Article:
When he passed away in 2008, the safety net vanished. “My father was my financial rescuer,” she said.

    “Since then, I've learned how to budget, invest, and live below my means.  Now I help other late savers who are trying to plan for retirement. I only wish he were here to see it,” she said.

    Being frugal isn’t always best

    UK-based Peter Mann also had to reckon with his parent’s financial attitudes later in life. In his childhood, he said his extremely frugal parents shamed their children if they wanted to splurge or asked for something expensive that could be purchased at a lower price. “I picked up this habit from them and over the years I've learned that being excessively frugal can be damaging to my financial mindset and for my relationships,” Mann said.

    Early on in running his business, SC Vehicle Hire, Mann aggressively applied the frugality he learned from his mom and dad. “Over the years, I’ve learned being excessively frugal can be damaging to my financial mindset and for my relationships,” he said.

    “I have refused to throw celebrations for critical business achievements and employees did not feel appreciated for their efforts, while I used to try and pay them as low a salary as possible.”

    Today, he’s put that mentality behind him. “I've learned the importance of hiring high quality employees and keeping them happy and engaged, but I had to unlearn my excessively frugal habits first.” Today, Mann also enjoys spending money traveling with his family on trips and on other splurges.

    Lessons that give children a financial head start

    Respondents also told us about habits they picked up from their parents—frugal and not necessarily frugal—that seem to put them on the right path from the very beginning.

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    Sometimes splurges can be justified

    “My parents were really frugal and DIY-minded—sometimes by necessity and sometimes by choice, said Georgia-based dad blogger Evan Porter. “We did all the repairs and construction on our home, including renovating two bathrooms and our kitchen.”

    During Porter’s childhood, the family applied frugality to their vehicle purchases. “We also had a revolving door of $1,000 to $2,000 beater cars that were always breaking down.

    As a dad himself today, Porter is fairly frugal. “I have no room in my life for a cheap car I can’t count on!” Still he has dialed back some of the money-saving tendencies he picked up in childhood. “I’ve learned that the cheapest option isn’t always best if it breaks or doesn’t hold up and sometimes it really is smarter to invest in higher-quality purchases even when it costs more up front,” Porter said.

    Some lessons really pay off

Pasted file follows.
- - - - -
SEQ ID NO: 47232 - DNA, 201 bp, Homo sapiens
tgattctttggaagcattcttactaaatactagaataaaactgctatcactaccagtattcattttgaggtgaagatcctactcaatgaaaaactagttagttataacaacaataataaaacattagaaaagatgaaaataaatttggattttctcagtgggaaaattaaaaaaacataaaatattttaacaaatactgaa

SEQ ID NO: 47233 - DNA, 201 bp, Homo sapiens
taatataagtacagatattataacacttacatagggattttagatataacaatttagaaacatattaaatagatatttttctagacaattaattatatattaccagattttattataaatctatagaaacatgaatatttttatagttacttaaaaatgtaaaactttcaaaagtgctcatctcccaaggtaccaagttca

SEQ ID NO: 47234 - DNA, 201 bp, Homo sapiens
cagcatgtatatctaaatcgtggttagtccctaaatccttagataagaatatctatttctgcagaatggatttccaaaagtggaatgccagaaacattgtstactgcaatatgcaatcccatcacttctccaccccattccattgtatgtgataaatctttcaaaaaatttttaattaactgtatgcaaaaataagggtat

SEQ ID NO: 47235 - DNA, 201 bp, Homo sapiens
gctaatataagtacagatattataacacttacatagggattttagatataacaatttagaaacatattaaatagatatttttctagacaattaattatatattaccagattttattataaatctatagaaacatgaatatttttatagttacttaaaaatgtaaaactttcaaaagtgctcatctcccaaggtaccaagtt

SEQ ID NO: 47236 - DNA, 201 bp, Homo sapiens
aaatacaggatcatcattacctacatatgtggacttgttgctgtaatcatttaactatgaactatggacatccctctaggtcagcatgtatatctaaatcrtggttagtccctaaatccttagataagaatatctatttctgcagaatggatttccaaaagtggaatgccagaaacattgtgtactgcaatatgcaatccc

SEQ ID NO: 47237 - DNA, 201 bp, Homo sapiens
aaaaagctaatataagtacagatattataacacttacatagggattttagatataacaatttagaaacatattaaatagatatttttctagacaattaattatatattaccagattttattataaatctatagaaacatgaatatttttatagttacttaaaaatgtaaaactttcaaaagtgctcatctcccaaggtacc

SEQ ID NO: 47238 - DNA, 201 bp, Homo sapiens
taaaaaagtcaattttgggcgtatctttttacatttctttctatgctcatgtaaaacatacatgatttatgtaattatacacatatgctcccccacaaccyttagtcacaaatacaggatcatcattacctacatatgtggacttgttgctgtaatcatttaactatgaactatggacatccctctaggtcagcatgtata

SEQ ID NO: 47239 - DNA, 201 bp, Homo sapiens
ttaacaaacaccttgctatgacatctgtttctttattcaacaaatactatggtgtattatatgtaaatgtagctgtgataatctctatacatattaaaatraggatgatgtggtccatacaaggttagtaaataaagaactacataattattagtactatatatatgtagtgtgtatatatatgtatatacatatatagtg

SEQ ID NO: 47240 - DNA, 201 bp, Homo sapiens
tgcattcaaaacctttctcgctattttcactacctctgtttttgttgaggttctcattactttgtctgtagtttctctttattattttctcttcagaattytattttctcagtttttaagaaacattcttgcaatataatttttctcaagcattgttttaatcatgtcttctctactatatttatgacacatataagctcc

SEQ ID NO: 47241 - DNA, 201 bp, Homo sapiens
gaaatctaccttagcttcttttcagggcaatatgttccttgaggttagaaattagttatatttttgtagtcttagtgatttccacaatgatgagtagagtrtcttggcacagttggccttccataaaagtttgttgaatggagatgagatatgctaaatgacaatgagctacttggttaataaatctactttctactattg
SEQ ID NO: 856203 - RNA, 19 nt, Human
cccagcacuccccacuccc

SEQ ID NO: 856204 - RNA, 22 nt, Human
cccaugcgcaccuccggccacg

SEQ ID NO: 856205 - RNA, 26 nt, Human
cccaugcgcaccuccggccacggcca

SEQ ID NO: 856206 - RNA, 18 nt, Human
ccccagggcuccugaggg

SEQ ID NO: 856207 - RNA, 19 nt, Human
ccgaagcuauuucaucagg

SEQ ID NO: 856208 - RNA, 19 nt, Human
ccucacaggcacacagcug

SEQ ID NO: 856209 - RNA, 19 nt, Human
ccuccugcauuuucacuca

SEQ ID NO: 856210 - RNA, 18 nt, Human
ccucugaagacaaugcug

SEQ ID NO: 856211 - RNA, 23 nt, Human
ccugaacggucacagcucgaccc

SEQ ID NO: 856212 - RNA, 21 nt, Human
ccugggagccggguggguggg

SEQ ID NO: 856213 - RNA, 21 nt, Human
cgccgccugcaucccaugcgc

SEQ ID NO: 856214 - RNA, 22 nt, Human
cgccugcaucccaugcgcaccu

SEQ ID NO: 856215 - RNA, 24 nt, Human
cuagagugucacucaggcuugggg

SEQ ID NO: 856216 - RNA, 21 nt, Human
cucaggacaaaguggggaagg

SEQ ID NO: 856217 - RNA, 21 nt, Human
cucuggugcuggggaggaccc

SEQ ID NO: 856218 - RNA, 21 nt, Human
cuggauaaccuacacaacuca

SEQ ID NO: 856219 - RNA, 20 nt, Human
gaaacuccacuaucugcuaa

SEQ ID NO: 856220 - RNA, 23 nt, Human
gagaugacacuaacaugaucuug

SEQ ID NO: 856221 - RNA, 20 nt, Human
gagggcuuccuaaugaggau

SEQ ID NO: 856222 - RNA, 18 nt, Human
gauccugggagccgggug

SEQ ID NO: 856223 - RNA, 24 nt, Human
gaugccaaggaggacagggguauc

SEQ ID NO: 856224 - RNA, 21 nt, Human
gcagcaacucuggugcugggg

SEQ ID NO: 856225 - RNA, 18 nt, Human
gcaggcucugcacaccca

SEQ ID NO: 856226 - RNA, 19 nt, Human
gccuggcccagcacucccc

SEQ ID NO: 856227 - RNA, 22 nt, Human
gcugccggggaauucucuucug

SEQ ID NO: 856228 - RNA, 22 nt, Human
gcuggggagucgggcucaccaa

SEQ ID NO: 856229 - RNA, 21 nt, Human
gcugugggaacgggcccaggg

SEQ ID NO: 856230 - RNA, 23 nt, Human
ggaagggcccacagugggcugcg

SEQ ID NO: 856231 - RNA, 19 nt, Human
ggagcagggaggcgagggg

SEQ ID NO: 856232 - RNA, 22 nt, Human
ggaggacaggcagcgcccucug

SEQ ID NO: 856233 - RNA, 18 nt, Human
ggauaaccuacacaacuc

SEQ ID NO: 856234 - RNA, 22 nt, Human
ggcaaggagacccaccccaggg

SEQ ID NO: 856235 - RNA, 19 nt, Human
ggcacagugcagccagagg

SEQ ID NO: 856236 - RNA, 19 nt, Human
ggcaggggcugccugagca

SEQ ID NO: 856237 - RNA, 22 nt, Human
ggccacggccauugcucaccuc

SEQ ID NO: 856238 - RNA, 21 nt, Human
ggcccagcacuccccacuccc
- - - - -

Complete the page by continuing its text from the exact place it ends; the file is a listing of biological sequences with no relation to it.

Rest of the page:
Emma Leigh Geiser, a nurse and financial coach, attributes lessons from parents for an attitude toward money enabled her to get serious a few years after college, pay off student loans and create a sound financial future.

    “I watched my dad balance his checkbook at the kitchen table monthly and even though I didn't understand it at the time, watching this behavior instilled in me an expectation of myself as an adult for handling money,” she said.  

    She said she also learned from watching her mom use cash for groceries and other household items. “Through her example, I learned how you manage a certain amount of money and spend what you have wisely,” Geiser said.

    Learn what you can from your parents

    Paige Arnof-Fenn, founder & CEO Mavens & Moguls, also has carried with her a number of specific examples from her parents that have guided her financial life.

    Her top lesson? “Live within your means—you do not need the nicest apartment/home/car, so be responsible and do not overextend yourself,” Arnof-Fenn said. Additional lessons that have been instrumental for Arnof-Fenn:

    • Pay off your credit card balance every month.
    • Save something from every paycheck. Just get in the habit and funnel a set amount directly into an investment account. You do not spend what you do not see.
    • Do not up your spending when you get a raise, up your savings instead.

    Children credit success to the relationship parents had with money

    Whether we all make the connection or not, more than likely the way our parents managed their finances and related to money ends up driving our career paths.

    Let your parents inspire you

    Daisy Jing attributes her upbringing with her success as a YouTube star turned beauty products maven. “A huge thing my parents have taught me is how to hustle and be scrappy,” Jing said. This was out of necessity. The family immigrated to the United States with $500 to their name. Because of this tenuous financial start, the family always focused on frugality. This played out in myriad ways during Jing’s childhood.